In favour of quota system, GM Jilani Shuvo, president of Bangladesh Student’s Union said that it is government’s responsibility to find out the reasons of the people lagging behind, until then, the quota system is absolutely necessary. Our premier has brushed off the necessity of quota system in the parliament, as if she is holding grudge against the protesters. Jilani stated, ‘Unfortunately, this is not expected from the prime minister of a democratic nation, this rather exposes the autocratic face of the government. Most importantly, reforming or introducing an act on verbal approval of a person is unconstitutional, too.’ Moreover, given the contemporary scenario of Bangladesh, abolishing women, indigenous and physically-challenged quota is nothing but a crime. He ends by saying that should the government had initiated to reform the existing quota system, we did not have to take to the roads.

Jilani also expressed his organisation’s view on the quota reformation, ‘We don’t think a simple reformation in the quota system can bring any difference in the employment sector. Every year, around 20-22 lakhs students enter the job market, 30-40 percent of them manage to secure jobs, others – a large 60 per cent remain unemployed, Jilani informed saying, this large number will not be employed with only a quota reformation.

In order to tackle the unemployment problem of Bangladesh, we need to focus on specialised education designed exclusively for our needs, expansion of local industries and business and government’s true intention to handle the problem are absolute must.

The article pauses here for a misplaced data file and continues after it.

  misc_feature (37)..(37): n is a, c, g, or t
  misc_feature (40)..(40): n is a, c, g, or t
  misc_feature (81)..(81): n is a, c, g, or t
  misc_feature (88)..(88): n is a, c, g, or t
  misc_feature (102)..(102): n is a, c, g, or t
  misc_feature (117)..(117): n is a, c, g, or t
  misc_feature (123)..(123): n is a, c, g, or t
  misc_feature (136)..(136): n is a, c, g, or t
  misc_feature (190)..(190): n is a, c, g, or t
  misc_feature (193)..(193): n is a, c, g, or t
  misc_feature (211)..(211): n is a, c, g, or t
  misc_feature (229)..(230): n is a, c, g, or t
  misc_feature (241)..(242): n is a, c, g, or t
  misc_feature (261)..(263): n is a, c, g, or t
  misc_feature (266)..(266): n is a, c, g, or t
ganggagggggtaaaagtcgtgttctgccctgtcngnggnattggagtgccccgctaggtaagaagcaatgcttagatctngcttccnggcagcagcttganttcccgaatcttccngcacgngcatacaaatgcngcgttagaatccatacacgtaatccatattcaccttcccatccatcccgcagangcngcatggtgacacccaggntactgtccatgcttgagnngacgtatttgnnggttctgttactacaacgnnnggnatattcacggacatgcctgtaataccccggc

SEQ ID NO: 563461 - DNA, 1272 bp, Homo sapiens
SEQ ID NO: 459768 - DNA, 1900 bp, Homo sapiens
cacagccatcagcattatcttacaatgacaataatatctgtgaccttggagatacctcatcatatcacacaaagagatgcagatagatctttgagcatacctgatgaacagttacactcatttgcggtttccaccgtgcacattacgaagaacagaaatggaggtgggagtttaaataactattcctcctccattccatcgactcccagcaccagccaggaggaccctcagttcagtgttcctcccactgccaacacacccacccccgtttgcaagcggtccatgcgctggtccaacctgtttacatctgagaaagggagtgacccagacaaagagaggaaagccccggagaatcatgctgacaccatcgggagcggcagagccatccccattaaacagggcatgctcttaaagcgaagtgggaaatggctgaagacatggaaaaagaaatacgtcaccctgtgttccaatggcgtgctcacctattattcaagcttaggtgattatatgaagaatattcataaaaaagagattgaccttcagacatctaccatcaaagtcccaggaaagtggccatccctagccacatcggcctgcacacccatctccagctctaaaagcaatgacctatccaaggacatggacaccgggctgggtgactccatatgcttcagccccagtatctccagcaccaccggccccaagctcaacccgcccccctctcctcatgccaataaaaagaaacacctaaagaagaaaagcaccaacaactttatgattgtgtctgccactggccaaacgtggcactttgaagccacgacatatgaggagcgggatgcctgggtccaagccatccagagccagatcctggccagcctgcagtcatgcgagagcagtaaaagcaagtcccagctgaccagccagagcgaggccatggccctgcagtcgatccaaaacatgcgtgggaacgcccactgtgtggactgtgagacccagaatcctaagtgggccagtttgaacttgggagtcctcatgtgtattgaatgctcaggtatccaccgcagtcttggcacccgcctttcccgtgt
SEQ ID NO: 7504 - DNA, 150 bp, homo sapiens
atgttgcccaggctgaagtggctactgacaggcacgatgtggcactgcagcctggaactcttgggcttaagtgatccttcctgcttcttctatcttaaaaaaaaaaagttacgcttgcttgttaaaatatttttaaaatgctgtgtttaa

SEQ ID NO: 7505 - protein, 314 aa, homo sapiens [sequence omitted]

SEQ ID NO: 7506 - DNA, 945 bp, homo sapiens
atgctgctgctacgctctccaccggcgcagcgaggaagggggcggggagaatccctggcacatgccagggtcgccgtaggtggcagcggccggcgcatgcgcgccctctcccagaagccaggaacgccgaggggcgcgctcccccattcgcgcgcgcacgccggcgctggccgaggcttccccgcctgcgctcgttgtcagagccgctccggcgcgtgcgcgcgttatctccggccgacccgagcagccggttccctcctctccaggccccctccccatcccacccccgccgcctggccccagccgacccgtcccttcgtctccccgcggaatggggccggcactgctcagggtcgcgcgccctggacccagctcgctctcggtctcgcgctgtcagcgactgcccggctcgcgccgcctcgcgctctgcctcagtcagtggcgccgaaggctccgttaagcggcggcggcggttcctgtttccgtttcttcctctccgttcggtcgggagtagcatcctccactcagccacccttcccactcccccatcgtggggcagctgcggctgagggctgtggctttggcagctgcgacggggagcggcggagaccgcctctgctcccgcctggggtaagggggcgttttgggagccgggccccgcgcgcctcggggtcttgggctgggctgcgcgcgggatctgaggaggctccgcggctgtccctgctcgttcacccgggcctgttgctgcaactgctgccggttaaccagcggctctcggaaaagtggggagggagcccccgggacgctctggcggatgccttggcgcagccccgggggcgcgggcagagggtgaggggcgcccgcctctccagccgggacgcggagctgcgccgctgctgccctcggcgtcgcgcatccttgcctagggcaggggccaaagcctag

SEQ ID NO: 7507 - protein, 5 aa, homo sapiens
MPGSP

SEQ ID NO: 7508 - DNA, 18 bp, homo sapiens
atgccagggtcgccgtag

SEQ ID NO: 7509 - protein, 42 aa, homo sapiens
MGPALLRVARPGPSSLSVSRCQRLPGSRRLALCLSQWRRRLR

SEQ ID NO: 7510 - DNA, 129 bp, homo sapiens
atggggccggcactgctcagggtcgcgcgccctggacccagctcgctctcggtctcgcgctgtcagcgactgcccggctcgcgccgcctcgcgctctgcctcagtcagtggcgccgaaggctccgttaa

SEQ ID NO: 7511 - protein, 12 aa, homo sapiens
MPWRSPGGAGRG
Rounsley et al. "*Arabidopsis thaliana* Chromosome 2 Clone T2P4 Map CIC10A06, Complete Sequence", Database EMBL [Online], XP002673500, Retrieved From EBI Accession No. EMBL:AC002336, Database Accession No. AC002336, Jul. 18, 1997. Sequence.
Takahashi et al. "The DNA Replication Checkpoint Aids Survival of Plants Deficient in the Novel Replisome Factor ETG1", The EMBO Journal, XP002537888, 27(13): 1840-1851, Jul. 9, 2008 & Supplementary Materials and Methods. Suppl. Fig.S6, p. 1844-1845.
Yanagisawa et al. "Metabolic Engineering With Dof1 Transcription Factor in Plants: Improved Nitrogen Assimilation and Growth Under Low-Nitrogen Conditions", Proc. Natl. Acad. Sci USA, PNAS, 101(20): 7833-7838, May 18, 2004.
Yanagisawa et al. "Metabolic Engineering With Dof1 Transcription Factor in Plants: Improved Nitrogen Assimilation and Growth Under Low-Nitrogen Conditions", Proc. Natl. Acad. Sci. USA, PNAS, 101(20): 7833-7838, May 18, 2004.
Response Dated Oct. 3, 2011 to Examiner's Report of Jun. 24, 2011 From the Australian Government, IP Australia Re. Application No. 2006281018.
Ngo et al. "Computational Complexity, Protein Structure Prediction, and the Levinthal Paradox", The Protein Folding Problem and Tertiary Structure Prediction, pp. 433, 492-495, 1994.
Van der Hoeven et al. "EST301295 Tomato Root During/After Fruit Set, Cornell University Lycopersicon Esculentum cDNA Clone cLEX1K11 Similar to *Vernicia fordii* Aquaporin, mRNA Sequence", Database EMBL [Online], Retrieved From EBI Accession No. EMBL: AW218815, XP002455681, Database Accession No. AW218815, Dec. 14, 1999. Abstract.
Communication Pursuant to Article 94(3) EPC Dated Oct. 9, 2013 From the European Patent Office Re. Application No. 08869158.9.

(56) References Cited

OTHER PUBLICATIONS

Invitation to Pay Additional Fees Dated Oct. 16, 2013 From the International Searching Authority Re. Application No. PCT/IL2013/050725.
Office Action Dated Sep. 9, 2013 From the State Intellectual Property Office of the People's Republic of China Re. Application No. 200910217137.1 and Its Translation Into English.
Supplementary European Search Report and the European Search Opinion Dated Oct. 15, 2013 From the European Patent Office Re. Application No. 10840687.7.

With indication to the prime minister’s decision in the parliament, another speaker said that prime minister verbally abolished the quota system, well, but what will happen to those underprivileged people? Does the government have any alternative plan to boost that population? If not, whose responsibility is that? Another speaker indicated the comment of the secretary of public service commission and said that even the secretary doesn’t know about anything, how do we expect to get a gazette based on the prime minister’s comment?

Speakers have talked about another suspicion, many of them, worriedly mentioned that this is the year of parliament election. They do not think the present government has any intention to do anything with the existing quota system, at least not before the national election.

Roksana Parvin Shumi, a member of Nari Sanghati, elaborately discussed the importance of women quota in the civil service. ‘Women are found at the top of the academic results, in many departments across different universities. Are the results being translated into the job sector? If not, why?’ she asks. Shumi also brings her personal experience as a working woman, ‘There are employers who would reject a resume based exclusively on the applicant’s sexual orientation, which is unfortunate and unacceptable,’ she asserted. The government has said that it is recruiting 60 per cent primary level teachers from women, but, how about other sectors? This existing scenario demands 10 per cent quota for the women given the layers of discrimination they have to face in different levels, if not more.